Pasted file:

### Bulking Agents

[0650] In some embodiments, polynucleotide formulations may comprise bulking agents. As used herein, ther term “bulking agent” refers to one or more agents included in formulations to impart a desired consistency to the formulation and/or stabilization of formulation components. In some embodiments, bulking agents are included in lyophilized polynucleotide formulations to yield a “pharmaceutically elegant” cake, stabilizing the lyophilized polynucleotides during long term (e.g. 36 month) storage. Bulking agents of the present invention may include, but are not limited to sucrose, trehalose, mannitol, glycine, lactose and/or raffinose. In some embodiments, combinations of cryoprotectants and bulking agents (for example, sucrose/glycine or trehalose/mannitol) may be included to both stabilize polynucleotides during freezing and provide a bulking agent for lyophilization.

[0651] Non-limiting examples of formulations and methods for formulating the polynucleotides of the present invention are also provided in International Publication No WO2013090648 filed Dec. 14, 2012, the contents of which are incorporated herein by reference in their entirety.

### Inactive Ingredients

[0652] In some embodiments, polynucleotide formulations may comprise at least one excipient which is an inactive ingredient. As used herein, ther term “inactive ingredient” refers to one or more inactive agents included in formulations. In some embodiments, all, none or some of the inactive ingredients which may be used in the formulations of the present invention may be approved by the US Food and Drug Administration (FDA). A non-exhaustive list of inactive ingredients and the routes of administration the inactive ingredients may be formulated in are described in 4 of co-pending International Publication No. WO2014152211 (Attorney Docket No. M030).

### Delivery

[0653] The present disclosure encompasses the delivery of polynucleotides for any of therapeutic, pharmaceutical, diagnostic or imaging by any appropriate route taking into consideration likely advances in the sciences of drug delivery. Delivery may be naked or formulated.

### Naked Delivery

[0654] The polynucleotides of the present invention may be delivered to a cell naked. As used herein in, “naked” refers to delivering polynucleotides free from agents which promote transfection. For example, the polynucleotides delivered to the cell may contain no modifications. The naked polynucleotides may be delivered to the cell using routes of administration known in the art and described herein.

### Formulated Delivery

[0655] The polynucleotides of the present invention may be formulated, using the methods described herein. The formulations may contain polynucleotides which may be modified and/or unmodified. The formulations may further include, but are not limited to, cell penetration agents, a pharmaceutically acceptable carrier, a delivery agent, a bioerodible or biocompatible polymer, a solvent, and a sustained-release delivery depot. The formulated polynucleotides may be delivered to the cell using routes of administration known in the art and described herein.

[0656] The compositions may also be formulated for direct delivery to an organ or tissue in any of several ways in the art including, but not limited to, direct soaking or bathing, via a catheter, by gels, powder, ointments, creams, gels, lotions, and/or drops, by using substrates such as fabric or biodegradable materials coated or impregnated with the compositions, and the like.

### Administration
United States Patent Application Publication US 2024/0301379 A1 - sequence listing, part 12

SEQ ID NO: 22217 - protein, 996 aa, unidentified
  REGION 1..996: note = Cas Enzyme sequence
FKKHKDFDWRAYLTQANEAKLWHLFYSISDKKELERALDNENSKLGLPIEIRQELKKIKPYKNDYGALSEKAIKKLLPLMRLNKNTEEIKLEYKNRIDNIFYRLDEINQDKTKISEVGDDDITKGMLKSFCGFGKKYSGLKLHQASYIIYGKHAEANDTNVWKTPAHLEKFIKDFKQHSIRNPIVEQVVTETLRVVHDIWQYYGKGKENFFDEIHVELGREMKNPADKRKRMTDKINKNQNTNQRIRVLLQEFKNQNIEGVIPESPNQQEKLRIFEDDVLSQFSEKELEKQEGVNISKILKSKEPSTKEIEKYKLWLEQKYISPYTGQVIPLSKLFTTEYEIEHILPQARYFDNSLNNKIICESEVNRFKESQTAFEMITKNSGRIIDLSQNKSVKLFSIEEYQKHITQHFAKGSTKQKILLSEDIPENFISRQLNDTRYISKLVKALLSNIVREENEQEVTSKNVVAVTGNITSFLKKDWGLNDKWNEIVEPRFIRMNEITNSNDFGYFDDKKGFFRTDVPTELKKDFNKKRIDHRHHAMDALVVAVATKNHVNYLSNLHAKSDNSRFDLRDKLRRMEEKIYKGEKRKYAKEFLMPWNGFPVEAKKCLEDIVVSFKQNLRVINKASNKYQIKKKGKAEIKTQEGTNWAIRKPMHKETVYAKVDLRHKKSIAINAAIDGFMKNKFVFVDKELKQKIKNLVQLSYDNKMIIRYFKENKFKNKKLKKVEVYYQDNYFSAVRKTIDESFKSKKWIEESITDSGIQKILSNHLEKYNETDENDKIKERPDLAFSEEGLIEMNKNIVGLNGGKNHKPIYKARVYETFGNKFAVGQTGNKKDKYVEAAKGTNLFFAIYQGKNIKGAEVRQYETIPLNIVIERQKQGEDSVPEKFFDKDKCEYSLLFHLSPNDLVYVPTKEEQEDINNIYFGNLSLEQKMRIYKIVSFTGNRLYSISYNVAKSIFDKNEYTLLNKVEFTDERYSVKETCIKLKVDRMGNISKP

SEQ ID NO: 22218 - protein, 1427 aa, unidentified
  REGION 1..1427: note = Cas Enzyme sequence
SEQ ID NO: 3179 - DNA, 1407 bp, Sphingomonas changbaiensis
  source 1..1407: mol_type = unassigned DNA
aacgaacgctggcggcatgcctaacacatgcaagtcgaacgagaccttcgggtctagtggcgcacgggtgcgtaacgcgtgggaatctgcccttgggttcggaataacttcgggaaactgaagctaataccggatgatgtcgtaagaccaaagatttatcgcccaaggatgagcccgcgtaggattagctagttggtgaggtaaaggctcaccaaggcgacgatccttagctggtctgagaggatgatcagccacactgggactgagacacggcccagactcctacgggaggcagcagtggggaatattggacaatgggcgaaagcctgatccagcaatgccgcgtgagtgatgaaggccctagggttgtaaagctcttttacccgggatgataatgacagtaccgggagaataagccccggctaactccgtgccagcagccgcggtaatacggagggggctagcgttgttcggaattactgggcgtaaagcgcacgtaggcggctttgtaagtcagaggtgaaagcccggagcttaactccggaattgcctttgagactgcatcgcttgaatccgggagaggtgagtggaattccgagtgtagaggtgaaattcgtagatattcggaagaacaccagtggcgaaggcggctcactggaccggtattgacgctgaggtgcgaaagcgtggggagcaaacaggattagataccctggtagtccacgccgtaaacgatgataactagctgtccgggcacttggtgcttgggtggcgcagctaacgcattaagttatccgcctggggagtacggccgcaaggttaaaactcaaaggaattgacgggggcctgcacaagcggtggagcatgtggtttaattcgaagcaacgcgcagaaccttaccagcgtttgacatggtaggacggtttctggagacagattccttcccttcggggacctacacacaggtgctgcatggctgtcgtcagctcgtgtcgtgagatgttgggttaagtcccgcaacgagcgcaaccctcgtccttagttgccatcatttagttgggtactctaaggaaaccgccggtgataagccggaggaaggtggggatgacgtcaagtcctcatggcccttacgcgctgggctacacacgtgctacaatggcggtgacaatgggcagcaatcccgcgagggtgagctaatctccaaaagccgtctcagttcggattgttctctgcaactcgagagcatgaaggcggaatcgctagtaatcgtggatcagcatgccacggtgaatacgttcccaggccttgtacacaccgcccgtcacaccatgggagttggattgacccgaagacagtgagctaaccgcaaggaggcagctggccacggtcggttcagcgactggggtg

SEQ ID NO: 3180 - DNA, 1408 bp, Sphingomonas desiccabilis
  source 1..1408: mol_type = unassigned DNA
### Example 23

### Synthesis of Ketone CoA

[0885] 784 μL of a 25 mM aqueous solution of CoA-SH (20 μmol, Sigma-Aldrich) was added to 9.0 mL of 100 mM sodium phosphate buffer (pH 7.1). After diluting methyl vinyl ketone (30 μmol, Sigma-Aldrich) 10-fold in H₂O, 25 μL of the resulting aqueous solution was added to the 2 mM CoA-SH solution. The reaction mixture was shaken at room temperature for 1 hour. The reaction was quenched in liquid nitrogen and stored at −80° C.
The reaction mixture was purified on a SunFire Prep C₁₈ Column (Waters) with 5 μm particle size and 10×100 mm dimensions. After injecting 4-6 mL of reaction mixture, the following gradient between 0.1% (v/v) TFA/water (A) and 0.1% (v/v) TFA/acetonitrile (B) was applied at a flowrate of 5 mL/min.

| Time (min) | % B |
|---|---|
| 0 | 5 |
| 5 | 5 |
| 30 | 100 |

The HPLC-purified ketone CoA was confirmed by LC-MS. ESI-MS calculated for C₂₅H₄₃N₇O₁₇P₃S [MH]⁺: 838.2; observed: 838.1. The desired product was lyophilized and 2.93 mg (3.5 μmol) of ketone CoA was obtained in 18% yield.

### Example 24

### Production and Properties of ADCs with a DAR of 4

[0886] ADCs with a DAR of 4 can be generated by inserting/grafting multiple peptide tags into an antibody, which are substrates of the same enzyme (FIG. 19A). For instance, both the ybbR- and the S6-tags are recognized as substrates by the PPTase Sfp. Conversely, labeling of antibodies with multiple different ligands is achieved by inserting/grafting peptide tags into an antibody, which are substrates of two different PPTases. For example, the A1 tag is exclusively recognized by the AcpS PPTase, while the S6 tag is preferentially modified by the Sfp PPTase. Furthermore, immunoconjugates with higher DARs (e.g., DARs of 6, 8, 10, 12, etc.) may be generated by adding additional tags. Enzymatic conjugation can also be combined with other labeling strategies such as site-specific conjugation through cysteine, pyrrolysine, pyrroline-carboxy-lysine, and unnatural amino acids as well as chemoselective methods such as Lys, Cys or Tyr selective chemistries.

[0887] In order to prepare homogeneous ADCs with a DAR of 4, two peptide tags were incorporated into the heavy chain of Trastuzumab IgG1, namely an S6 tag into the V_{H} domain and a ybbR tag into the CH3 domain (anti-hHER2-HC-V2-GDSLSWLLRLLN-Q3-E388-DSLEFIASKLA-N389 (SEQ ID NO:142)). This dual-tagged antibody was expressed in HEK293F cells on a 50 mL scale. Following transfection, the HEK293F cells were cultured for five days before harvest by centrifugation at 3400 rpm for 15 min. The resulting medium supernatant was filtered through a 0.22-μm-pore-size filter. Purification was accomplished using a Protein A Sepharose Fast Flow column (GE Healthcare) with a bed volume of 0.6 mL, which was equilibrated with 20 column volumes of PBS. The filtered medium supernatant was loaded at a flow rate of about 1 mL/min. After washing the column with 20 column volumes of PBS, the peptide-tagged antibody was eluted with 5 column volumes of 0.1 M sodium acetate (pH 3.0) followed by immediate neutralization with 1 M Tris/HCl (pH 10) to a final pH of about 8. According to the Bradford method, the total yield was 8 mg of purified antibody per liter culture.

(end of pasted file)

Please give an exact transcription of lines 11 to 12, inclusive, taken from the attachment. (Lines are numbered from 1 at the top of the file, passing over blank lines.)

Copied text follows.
[0655] The polynucleotides of the present invention may be formulated, using the methods described herein. The formulations may contain polynucleotides which may be modified and/or unmodified. The formulations may further include, but are not limited to, cell penetration agents, a pharmaceutically acceptable carrier, a delivery agent, a bioerodible or biocompatible polymer, a solvent, and a sustained-release delivery depot. The formulated polynucleotides may be delivered to the cell using routes of administration known in the art and described herein.

[0656] The compositions may also be formulated for direct delivery to an organ or tissue in any of several ways in the art including, but not limited to, direct soaking or bathing, via a catheter, by gels, powder, ointments, creams, gels, lotions, and/or drops, by using substrates such as fabric or biodegradable materials coated or impregnated with the compositions, and the like.